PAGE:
“A trail to the summit of a sacred mountain with amazing views and religious reflection.”
— ktboundary Thompson
Please stay on the trail and respect those participating in religious activities. Do not disturb or photograph prayer cloths and tobacco ties. A buffalo herd roams the base of the butte. Buffalo are dangerous, please do not approach. Possession or consumption of alcohol at Bear Butte State Park east of Highway 79 is prohibited. Bear Butte is a sacred site for many people and will be respected as such.
This is an exposed trail that is subject to high wind and scorching heat (or frigid cold). The trail is rocky, but the views are worth the effort.
The religiousness and sacredness of the site may be an experience, but if ceremonies are taking place, it would be prudent to run another day to be respectful.
Features: Fall Colors — Views — Wildflowers — Wildlife
Dogs: No Dogs
Need to Know
During your visit, you'll see colorful pieces of cloth and small bundles or pouches hanging from the trees. These prayer cloths and tobacco ties represent the prayers offered by individuals during their worship. Please respect these offerings and leave them undisturbed.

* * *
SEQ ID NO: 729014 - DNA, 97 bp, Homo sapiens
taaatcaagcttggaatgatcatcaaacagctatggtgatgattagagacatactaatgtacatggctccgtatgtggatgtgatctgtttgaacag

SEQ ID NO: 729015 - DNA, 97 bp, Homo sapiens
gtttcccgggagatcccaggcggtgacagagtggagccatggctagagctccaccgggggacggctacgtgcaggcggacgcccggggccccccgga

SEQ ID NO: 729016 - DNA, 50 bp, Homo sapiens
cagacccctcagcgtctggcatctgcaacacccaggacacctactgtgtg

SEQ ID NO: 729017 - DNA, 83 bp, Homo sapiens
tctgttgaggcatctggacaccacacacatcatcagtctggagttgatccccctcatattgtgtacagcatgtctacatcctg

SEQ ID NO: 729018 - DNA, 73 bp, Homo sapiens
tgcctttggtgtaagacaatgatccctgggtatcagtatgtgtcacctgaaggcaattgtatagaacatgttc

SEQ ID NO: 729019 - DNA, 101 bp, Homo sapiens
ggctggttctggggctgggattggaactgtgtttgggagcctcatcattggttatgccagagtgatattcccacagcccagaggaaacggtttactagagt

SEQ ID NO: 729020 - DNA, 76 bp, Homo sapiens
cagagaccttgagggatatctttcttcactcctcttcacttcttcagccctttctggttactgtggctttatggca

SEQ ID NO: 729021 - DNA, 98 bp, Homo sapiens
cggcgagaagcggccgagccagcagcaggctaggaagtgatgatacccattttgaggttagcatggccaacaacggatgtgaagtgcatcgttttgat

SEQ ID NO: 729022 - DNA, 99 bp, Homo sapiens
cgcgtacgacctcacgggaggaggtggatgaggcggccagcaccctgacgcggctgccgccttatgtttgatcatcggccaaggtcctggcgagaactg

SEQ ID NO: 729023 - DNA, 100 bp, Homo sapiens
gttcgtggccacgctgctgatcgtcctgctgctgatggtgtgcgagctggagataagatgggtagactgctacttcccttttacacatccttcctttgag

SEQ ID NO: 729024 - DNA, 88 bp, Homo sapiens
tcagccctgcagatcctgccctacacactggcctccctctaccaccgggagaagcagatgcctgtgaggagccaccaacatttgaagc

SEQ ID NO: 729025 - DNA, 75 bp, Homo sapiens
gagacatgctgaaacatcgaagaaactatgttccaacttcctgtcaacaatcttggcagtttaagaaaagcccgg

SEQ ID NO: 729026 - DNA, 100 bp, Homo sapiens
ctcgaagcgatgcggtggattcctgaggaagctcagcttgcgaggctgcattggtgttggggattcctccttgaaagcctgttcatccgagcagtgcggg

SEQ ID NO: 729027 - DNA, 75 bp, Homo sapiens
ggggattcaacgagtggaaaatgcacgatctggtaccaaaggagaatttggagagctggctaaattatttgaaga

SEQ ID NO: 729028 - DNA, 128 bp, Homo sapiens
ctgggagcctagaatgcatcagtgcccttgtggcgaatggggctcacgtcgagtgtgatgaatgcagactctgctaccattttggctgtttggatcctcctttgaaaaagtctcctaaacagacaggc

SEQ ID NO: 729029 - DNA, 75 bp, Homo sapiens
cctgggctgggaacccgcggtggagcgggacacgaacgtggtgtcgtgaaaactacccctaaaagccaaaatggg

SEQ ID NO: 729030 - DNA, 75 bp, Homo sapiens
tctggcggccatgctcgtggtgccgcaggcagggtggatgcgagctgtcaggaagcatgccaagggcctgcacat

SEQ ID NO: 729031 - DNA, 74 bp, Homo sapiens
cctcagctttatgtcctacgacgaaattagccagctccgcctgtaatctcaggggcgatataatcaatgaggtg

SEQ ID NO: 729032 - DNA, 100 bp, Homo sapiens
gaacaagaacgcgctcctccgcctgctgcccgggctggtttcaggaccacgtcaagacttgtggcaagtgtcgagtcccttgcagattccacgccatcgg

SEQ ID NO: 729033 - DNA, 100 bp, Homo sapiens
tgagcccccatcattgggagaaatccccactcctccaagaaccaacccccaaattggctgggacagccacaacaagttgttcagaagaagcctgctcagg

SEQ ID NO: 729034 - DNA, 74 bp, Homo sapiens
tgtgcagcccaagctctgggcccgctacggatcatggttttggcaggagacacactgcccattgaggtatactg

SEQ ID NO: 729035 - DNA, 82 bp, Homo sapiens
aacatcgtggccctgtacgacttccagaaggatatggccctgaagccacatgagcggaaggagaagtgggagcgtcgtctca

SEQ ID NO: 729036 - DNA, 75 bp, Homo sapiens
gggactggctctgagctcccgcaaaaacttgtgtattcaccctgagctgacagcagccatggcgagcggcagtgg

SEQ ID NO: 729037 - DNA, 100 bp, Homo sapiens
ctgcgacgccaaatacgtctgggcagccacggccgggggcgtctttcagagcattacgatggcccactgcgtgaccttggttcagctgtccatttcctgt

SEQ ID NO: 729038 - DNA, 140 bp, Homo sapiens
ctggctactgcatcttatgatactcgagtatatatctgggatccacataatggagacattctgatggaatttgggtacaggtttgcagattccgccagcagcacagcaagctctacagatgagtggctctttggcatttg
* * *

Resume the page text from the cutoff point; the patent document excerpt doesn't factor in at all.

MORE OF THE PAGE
The mountain is sacred to many American Indian tribes who come here to hold religious ceremonies. Please be respectful of worshipers and their religious practices.
Watch for rattlesnakes and bison. Be respectful of any ceremonies.
Start from the parking lot and head through pine trees and prairie up switchbacks. Go through several rock outcroppings before heading up towards the summit. This section passes through some scree and talus and continues to switchback up the mountain. The trail reaches the summit with a viewing platform and information about the surrounding view. Take a few minutes to look at the vast expanse of prairie, the northern Black Hills and the town of Sturgis.
Flora & Fauna
Wildlife includes turkey, deer, bison, and rattlesnakes. Binoculars are helpful in spotting bison on the plains as you head up the trail. There are many wildflowers, but also poison ivy, so keep your eyes open. Birds include Western Meadowlarks, Black-billed Magpies, Spotted Towhees, Mountain Bluebirds, and a variety of warblers.
History & Background
For history on this trail visit the Bear Butte State Park
website, provided by South Dakota Game, Fish, and Parks.